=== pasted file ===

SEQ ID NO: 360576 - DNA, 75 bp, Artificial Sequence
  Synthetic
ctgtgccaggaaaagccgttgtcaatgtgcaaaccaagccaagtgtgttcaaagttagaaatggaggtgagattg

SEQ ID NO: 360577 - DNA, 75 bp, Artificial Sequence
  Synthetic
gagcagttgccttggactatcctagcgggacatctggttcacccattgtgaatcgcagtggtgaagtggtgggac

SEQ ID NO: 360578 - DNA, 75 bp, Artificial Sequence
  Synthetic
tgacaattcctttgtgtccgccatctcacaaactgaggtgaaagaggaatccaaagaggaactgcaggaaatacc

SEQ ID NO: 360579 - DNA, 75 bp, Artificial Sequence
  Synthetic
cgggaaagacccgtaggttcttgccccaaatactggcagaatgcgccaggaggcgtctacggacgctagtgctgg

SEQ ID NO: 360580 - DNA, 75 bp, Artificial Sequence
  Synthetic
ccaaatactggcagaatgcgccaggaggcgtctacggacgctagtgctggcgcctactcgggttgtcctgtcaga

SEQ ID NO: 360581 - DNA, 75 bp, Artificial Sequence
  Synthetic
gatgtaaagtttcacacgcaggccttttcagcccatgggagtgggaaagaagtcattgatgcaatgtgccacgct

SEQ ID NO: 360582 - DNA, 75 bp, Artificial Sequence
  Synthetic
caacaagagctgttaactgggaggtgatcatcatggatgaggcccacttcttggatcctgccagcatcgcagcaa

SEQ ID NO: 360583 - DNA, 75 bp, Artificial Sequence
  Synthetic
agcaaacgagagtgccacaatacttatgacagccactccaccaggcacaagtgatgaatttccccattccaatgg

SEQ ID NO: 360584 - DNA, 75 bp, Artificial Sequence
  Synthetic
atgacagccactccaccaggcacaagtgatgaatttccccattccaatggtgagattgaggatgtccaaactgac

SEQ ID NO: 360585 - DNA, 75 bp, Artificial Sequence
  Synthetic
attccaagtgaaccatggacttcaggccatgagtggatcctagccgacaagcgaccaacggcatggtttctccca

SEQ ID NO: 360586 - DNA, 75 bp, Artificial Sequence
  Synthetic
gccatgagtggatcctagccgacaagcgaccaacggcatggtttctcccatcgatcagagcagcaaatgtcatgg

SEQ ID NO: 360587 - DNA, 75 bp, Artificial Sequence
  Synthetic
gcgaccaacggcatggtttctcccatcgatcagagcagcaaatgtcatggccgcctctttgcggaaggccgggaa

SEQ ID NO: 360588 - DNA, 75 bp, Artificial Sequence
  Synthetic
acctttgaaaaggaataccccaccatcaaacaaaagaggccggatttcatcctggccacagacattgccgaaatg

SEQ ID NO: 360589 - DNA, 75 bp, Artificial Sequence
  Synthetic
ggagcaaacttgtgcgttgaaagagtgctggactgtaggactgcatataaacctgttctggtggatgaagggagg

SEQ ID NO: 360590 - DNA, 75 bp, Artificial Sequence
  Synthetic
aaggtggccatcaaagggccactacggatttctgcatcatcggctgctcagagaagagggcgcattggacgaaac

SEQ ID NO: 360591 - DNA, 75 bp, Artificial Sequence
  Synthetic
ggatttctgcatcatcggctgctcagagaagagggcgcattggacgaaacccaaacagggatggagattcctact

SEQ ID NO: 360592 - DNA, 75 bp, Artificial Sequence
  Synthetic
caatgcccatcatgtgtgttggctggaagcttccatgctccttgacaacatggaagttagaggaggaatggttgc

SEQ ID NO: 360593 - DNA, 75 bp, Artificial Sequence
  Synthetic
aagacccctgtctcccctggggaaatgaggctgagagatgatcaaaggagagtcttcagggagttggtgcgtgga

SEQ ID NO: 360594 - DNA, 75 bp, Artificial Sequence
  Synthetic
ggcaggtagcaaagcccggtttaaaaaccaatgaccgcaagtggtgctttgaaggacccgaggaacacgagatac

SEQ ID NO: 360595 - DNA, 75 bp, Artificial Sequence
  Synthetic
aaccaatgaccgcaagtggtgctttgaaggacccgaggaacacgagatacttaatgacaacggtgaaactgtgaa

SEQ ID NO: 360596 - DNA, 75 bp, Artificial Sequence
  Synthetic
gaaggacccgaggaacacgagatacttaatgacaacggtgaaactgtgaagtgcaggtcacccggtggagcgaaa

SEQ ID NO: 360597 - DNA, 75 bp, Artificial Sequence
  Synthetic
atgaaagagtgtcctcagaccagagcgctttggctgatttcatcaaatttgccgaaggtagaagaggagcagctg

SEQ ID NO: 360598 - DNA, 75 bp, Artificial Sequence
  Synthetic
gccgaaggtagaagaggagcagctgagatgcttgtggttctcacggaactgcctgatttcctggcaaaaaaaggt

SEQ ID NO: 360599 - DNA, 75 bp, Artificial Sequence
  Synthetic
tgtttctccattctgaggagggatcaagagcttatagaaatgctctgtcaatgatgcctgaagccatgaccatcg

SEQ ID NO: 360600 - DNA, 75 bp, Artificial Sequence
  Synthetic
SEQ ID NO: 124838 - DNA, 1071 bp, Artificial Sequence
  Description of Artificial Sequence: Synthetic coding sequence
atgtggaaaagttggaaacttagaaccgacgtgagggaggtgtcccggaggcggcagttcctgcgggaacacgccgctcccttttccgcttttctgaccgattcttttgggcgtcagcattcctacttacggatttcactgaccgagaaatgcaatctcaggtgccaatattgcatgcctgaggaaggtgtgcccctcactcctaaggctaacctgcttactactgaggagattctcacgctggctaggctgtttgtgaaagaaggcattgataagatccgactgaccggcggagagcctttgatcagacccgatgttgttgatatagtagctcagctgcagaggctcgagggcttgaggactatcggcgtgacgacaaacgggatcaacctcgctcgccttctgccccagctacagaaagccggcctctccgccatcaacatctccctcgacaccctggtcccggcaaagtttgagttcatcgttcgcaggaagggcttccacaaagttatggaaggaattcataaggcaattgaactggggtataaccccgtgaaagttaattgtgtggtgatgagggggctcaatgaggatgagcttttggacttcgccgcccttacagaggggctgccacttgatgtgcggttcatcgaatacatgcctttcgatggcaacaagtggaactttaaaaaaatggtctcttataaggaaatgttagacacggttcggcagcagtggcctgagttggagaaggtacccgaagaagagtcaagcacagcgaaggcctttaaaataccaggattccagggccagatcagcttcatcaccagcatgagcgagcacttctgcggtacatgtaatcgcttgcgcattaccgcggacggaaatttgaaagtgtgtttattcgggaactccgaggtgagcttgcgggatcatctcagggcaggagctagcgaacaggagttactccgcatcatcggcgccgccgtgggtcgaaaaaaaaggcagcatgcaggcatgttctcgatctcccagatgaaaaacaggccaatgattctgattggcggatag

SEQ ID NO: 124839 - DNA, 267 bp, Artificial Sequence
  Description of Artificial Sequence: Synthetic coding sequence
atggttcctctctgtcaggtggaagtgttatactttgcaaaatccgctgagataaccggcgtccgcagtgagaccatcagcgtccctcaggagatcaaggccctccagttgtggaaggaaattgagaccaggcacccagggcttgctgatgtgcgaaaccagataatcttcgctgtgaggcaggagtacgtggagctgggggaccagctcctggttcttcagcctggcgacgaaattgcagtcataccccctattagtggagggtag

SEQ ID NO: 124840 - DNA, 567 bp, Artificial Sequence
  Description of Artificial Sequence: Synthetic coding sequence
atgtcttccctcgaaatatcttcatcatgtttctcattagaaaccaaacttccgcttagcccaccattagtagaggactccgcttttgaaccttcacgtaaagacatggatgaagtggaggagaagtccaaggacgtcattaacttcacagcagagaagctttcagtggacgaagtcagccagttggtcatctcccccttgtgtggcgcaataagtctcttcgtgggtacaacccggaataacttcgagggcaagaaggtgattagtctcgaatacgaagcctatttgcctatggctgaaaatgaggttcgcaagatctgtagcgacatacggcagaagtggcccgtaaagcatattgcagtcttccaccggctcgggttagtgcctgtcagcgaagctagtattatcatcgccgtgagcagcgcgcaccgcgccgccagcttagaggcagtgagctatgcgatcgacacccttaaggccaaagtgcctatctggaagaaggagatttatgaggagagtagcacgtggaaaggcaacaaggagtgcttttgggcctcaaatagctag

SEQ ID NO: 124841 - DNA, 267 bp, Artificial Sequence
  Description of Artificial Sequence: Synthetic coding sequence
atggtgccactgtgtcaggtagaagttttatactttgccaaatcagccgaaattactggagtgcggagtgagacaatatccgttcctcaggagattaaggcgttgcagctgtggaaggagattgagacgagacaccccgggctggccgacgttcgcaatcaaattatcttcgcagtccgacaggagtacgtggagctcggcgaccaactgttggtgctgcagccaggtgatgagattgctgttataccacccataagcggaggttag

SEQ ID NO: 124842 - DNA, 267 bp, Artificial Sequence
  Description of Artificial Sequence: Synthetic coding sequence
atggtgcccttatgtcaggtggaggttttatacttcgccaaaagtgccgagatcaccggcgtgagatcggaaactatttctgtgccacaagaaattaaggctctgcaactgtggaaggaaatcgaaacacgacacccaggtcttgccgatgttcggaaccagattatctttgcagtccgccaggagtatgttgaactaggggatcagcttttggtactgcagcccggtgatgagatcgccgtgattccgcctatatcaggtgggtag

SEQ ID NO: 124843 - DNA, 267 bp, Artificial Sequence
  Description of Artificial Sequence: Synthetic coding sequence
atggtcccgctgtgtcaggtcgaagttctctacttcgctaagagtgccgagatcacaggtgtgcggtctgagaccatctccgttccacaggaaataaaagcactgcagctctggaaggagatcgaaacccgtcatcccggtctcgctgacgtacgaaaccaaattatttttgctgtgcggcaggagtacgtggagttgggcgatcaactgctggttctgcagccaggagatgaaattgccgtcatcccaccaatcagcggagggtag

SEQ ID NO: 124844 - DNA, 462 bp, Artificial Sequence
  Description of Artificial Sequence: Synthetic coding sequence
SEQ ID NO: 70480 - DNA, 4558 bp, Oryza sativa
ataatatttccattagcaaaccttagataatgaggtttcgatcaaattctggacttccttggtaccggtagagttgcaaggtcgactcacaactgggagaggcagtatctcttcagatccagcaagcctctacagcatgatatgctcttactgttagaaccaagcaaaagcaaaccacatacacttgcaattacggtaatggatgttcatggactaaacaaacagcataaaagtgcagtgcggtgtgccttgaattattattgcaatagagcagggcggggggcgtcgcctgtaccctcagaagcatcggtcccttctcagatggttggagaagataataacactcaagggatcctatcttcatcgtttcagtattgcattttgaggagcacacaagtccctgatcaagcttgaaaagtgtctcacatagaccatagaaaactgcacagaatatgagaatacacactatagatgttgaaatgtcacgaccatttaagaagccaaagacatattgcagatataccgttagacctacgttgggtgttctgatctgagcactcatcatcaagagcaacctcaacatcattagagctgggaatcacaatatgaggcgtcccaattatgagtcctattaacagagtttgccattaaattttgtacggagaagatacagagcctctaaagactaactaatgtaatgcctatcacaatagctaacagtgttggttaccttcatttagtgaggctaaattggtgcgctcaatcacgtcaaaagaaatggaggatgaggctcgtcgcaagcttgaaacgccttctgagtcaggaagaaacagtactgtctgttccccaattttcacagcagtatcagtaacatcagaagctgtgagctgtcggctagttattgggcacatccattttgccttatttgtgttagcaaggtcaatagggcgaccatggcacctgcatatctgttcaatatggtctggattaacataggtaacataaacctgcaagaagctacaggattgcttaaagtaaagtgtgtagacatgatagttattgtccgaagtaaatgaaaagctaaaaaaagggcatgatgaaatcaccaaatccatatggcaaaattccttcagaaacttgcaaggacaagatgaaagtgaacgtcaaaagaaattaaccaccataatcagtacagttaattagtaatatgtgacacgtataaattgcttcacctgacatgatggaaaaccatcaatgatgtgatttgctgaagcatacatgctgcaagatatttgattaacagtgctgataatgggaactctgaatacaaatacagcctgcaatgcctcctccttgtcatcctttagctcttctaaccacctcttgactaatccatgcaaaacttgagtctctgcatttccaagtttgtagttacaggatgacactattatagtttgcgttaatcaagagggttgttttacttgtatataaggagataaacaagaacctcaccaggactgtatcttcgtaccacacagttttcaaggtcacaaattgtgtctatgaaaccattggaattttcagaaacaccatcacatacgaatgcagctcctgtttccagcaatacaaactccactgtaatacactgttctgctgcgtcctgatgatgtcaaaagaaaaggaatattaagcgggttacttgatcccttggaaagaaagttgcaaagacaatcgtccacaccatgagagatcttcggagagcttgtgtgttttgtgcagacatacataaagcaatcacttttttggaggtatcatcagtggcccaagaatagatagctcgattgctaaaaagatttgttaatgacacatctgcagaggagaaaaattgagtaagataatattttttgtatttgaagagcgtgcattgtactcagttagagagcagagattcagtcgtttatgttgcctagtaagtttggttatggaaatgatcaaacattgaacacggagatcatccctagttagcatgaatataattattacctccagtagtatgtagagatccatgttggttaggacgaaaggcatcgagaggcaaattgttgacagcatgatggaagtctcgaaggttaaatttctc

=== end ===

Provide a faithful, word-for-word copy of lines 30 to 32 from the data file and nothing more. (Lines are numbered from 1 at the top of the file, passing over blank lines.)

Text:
attccaagtgaaccatggacttcaggccatgagtggatcctagccgacaagcgaccaacggcatggtttctccca

SEQ ID NO: 360586 - DNA, 75 bp, Artificial Sequence
  Synthetic